A guest post by Sara Bir
Last year, I assigned, edited, and posted 230 listicles for my former job as food editor for the pop culture website Paste Magazine.
A listsicle, if you’re wondering, comprises a short list of 100-200 words that tells a larger story. You’ve read many of them online because they’re fast reads and often, you can’t help yourself.
I once resented listsicles for their seemingly dashed-off nature. I thought they were just articles with numbers in them. But I had to make peace with listsicles, because readers love them. Here are some of Paste Food’s most viewed posts in 2015:
- Saddest Cookbooks Ever
- The 10 Best Food Jokes of Jim Gaffigan
- The Top 10 Uniquely Canadian Snack Foods
- 10 Foods You Didn’t Know You Can Make in a Muffin Tin.
If you’d like to pitch and write a listsicle, these were the qualities I looked for when assigning one at Paste:
1. Use a listsicle to break in. Listicles are a good way to break into a new publication, since they are perceived as lower-risk than assigning a newbie a 3,000-word story. One way to create a potential list is by gleaning nifty factoids as you’re researching a larger reported story for a different publication. With a clever slant, you can squeeze another story out of the work you’ve already done. (I did this once with the history of broad-breasted white turkeys, of all things—the leftovers became a list of commonly held myths about turkey).
2. Create a list that’s “sticky.” Even lists that seem frivolous can make readers think about something differently. This is a quality I call “sticky,” as there’s an element that clings to your mind. This list, How to Not Drive Your Farmer Crazy at the Farmers’ Market, worked because the writer is a former farmer. Aside from providing etiquette tips for shoppers on market day, she gave us a glimpse of the challenges many of us had no idea farmers faced.
3. Make it useful. A list isn’t just a bunch of links to recipes or how-tos on other websites. The list’s text should be the star of the show. Instead of rattling off a bunch of half-baked hacks for common cooking challenges, a list should get readers excited to explore your world or be in the kitchen.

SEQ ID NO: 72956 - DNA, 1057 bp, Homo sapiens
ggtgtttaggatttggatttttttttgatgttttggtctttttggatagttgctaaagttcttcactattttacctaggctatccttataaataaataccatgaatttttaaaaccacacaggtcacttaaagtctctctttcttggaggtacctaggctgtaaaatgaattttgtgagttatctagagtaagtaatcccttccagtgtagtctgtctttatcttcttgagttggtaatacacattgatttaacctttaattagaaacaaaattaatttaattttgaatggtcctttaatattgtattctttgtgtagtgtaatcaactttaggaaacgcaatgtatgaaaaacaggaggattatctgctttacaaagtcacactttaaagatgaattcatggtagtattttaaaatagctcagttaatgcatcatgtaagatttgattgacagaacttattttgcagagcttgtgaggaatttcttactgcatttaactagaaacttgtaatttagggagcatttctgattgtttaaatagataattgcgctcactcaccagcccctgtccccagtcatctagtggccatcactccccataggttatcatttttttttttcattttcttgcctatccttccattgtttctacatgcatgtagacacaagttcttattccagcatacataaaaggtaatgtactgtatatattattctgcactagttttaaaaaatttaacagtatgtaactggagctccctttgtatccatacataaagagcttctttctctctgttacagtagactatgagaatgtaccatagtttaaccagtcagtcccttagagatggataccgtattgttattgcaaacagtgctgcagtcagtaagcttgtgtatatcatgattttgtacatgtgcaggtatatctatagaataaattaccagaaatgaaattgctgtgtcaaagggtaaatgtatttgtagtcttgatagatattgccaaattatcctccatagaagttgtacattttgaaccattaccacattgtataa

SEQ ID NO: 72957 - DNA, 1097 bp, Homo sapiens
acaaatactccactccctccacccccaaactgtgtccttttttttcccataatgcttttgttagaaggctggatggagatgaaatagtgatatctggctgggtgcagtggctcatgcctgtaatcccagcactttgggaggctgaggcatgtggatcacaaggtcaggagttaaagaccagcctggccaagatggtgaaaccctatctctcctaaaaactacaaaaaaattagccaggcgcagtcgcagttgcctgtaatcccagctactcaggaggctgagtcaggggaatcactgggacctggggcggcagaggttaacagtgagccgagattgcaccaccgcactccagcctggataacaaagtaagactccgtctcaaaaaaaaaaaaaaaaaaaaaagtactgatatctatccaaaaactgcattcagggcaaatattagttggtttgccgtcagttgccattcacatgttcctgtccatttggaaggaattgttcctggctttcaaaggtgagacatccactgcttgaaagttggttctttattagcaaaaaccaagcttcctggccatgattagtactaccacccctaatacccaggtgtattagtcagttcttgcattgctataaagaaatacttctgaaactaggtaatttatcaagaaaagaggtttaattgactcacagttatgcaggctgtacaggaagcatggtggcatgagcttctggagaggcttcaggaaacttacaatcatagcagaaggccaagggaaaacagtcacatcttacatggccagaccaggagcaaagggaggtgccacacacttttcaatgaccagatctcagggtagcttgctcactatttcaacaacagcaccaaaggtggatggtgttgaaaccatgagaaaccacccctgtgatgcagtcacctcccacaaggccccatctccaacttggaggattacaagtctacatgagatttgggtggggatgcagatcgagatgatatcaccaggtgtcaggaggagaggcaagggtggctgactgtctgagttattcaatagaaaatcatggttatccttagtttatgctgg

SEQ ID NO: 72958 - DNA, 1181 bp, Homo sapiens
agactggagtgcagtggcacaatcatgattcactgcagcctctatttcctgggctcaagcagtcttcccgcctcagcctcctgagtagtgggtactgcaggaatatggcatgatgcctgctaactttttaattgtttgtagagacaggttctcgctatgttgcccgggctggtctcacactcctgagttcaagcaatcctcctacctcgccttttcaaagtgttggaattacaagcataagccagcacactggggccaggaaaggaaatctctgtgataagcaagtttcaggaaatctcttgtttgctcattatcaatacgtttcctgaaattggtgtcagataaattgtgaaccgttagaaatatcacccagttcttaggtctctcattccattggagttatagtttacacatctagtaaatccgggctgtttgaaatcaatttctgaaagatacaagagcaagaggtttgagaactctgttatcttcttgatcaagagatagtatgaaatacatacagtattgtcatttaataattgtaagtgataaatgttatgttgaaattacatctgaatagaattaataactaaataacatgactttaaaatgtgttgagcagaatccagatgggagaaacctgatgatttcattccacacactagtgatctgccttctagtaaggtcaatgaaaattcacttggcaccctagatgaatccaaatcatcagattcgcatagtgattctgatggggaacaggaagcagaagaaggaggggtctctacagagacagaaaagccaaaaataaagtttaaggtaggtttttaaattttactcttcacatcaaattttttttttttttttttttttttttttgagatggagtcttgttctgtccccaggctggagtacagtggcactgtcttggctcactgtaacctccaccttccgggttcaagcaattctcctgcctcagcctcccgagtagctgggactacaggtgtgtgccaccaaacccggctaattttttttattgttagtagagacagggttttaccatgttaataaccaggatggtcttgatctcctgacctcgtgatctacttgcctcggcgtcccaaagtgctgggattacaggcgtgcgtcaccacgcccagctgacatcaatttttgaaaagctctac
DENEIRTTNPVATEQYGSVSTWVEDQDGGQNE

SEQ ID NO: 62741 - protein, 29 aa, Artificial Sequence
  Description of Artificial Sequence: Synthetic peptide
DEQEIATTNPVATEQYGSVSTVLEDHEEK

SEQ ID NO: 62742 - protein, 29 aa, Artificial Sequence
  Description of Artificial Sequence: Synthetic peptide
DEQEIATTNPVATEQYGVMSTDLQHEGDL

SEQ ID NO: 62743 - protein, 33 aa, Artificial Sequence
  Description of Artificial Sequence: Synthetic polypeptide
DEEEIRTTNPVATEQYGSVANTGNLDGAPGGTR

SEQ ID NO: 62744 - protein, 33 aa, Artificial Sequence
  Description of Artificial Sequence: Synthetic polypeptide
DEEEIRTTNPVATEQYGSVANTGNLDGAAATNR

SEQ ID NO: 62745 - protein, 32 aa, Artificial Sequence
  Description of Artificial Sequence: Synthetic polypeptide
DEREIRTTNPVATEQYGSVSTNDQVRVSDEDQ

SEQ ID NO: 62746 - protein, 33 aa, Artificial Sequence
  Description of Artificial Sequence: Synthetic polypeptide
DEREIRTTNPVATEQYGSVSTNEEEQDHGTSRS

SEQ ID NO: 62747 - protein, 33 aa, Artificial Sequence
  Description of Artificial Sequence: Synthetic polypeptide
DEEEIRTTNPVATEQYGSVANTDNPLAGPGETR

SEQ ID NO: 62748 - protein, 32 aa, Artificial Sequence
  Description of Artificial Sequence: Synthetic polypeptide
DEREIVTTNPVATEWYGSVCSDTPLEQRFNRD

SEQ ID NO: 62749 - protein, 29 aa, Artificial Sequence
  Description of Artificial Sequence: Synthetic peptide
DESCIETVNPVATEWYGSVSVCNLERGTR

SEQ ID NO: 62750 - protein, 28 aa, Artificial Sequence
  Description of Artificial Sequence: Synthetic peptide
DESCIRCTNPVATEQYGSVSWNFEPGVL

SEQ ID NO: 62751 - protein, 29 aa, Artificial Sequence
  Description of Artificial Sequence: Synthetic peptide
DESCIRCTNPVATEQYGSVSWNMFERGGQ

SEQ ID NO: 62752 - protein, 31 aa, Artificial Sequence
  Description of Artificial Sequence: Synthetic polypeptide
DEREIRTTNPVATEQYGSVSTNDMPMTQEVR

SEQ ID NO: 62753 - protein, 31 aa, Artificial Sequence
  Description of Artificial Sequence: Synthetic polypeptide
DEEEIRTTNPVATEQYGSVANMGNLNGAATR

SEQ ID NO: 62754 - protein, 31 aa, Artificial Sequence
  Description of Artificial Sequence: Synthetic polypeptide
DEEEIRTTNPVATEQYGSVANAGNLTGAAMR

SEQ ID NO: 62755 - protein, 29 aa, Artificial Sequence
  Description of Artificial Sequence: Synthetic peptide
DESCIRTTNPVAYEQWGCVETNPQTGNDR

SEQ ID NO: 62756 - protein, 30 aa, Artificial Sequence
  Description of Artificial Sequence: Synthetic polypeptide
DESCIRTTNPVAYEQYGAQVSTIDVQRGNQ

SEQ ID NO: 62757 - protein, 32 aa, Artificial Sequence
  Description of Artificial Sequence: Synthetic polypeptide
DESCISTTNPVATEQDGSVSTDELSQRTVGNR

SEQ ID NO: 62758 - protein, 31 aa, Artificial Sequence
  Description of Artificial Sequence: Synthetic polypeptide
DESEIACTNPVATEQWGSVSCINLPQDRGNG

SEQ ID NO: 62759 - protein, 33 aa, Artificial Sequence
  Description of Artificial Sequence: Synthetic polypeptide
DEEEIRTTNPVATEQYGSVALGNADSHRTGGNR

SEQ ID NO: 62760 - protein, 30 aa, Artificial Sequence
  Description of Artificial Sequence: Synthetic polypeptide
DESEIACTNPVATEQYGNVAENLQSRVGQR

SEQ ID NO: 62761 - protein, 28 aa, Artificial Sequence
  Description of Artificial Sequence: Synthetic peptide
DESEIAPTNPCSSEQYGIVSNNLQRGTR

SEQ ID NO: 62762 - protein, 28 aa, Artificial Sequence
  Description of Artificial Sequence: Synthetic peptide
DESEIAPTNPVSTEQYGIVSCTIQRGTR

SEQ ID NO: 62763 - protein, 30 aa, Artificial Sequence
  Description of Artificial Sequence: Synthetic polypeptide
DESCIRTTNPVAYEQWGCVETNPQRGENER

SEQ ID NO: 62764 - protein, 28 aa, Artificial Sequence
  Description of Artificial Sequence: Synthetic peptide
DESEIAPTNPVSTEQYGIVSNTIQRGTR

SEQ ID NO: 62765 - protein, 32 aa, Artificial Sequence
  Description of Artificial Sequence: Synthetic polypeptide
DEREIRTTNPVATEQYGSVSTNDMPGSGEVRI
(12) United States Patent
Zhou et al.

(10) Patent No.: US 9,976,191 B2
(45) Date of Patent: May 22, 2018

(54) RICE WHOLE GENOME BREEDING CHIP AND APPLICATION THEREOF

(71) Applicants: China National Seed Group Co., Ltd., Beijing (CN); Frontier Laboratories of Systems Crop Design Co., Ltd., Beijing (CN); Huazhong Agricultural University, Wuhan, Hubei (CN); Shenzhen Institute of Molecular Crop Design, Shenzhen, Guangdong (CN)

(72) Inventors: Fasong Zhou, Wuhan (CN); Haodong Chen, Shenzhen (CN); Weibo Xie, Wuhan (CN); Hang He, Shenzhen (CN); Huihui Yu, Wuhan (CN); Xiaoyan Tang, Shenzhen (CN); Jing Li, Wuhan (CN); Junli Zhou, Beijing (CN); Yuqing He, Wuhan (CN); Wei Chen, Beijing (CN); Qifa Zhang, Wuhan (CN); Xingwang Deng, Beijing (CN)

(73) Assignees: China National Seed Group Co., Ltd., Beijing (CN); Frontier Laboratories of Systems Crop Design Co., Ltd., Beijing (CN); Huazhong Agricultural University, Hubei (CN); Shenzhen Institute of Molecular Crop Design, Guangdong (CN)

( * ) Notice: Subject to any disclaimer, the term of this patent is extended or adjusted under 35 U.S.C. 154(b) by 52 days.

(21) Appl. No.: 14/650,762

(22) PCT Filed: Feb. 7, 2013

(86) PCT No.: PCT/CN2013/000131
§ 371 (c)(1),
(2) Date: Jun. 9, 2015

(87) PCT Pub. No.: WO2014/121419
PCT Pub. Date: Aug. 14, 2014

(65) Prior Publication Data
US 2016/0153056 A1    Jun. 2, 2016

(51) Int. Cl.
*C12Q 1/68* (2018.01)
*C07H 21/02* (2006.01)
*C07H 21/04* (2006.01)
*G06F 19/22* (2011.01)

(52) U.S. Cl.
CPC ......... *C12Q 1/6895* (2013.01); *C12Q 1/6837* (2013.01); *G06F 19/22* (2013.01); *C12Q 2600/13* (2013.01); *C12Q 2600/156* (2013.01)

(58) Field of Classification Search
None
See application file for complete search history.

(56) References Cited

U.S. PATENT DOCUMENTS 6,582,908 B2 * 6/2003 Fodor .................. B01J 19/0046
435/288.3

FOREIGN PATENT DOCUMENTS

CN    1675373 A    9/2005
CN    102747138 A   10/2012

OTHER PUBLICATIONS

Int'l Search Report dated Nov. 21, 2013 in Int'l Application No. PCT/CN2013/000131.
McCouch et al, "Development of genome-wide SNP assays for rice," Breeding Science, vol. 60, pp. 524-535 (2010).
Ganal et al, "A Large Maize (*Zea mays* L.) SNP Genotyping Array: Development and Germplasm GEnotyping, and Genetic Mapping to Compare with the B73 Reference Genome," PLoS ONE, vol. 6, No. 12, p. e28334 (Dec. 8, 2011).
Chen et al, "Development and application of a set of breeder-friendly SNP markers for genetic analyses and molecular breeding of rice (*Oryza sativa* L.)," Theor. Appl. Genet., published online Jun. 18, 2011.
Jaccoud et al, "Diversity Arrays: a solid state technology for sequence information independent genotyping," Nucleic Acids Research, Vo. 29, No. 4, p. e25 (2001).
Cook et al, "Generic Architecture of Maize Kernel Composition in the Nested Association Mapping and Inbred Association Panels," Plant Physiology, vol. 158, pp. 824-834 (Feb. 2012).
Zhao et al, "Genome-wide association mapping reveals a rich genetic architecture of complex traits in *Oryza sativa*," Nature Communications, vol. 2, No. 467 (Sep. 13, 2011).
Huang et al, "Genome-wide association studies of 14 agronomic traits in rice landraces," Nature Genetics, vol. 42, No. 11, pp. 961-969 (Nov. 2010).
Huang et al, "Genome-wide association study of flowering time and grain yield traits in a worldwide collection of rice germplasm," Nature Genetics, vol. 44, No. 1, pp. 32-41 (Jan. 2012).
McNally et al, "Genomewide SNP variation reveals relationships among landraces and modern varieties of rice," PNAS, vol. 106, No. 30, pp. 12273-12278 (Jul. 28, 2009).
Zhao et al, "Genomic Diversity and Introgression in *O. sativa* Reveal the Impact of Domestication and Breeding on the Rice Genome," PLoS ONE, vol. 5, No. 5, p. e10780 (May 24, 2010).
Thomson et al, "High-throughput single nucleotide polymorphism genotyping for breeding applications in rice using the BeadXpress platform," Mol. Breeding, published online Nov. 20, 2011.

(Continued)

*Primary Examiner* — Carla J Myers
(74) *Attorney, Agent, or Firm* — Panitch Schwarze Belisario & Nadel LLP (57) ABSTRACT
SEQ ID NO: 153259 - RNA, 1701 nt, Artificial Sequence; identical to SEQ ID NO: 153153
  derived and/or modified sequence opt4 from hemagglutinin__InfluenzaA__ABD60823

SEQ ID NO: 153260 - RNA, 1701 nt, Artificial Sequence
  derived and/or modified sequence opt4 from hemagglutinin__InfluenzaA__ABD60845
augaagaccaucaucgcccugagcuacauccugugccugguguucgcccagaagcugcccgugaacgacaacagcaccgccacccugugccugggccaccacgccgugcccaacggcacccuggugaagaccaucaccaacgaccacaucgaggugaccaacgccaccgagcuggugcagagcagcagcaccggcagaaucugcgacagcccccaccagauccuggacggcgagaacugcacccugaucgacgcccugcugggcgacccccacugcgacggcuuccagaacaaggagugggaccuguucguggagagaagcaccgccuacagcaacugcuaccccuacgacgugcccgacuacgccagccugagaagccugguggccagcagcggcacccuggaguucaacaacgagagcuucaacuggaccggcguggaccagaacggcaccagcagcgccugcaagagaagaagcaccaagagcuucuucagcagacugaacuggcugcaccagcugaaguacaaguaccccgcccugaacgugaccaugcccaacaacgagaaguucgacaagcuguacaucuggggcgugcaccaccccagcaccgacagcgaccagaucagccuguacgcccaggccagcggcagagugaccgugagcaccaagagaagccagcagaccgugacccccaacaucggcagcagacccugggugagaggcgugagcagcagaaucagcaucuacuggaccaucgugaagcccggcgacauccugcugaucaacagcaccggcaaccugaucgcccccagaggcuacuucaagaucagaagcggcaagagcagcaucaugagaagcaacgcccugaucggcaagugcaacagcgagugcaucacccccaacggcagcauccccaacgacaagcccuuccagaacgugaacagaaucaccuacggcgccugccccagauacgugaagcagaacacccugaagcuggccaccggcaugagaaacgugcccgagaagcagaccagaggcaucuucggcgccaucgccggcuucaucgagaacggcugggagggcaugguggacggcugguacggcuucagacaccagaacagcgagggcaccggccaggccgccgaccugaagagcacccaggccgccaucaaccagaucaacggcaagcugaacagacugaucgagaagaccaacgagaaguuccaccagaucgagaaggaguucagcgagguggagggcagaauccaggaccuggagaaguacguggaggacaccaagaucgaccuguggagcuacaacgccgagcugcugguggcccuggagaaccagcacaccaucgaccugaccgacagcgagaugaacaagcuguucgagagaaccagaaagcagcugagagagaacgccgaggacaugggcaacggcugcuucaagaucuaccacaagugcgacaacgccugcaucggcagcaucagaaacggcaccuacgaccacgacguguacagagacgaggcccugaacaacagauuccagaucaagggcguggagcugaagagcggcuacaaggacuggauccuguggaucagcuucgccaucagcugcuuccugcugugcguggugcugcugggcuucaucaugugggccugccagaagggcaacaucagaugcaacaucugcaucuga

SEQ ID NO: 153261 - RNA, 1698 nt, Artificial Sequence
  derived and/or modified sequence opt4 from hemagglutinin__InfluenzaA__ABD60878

4. Make it entertaining. Paste is a pop culture website, so some of our lists exist mainly to entertain. I liked The 10 Best Food Sketches of Portlandia, because Portlandia does such a fine job of poking fun at the preciousness of our current food culture. Putting all of those moments into one list demonstrates how the show has become a tastemaker in the comedy and culinary spheres—so it’s secretly sticky, too.
5. Timely is good too. Though it was a sleeper, I loved 5 Ways to Eat Snow because it offers little bit of science and food history. It was timely because the writer pitched it when snowstorms blanketed much of the eastern U.S. It was useful, at last to anyone with cabin fever seeking culinary applications for snow. But most of all, it’s fun because it has a big “neat-o” factor.
6. Write an attention-grabbing headline. Think about what’s clickable. The words best, worst, you, your, and my perform well in headlines. For instance, “10 Popular French Pastries You’ve Never Heard Of” is better than “10 Obscure French Pastries.”
6. When pitching, mention at least three things you’d include. You don’t need to mention everything on the list, but don’t pitch a listicle if you aren’t confident you can come up with eight or so items.
7. Quickly explain why you’re the right person. My preference was to work with writers who are clearly excited about their pitches, because I wanted them to turn in work that’s amusing to read yet rich with information. It helps if you an expert on the topic, or you have access to other experts.
8. Show that you can crush it. Some writers are naturally better at writing feature stories. There’s nothing wrong with that, but when a writer pitched me a listsicle, I wanted to be sure a listsicle is what I’d get. Include links to your related published clips, and to any lists you’ve written.
I’ve stepped down at Paste to pursue cookbook projects, but you can pitch Dakota Kim, Paste Food’s new editor, dakota AT pastemagazine DOT com. She’ll be taking pitches for feature stories, galleries, and, yes, especially lists.
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The founding food editor of Paste Magazine and graduate of The Culinary Institute of America, Sara Bir is the author of The Pocket Pawpaw Cookbook. Now a freelancer, she continues to contribute to Paste Food. Her work has appeared in Best Food Writing 2014, and she is a regular contributor to Full Grown People, where her essay “The Hard Alphabet” was nominated for a Pushcart Prize.
(Image courtesy of iosphere at FreeDigitalPhotos.net.)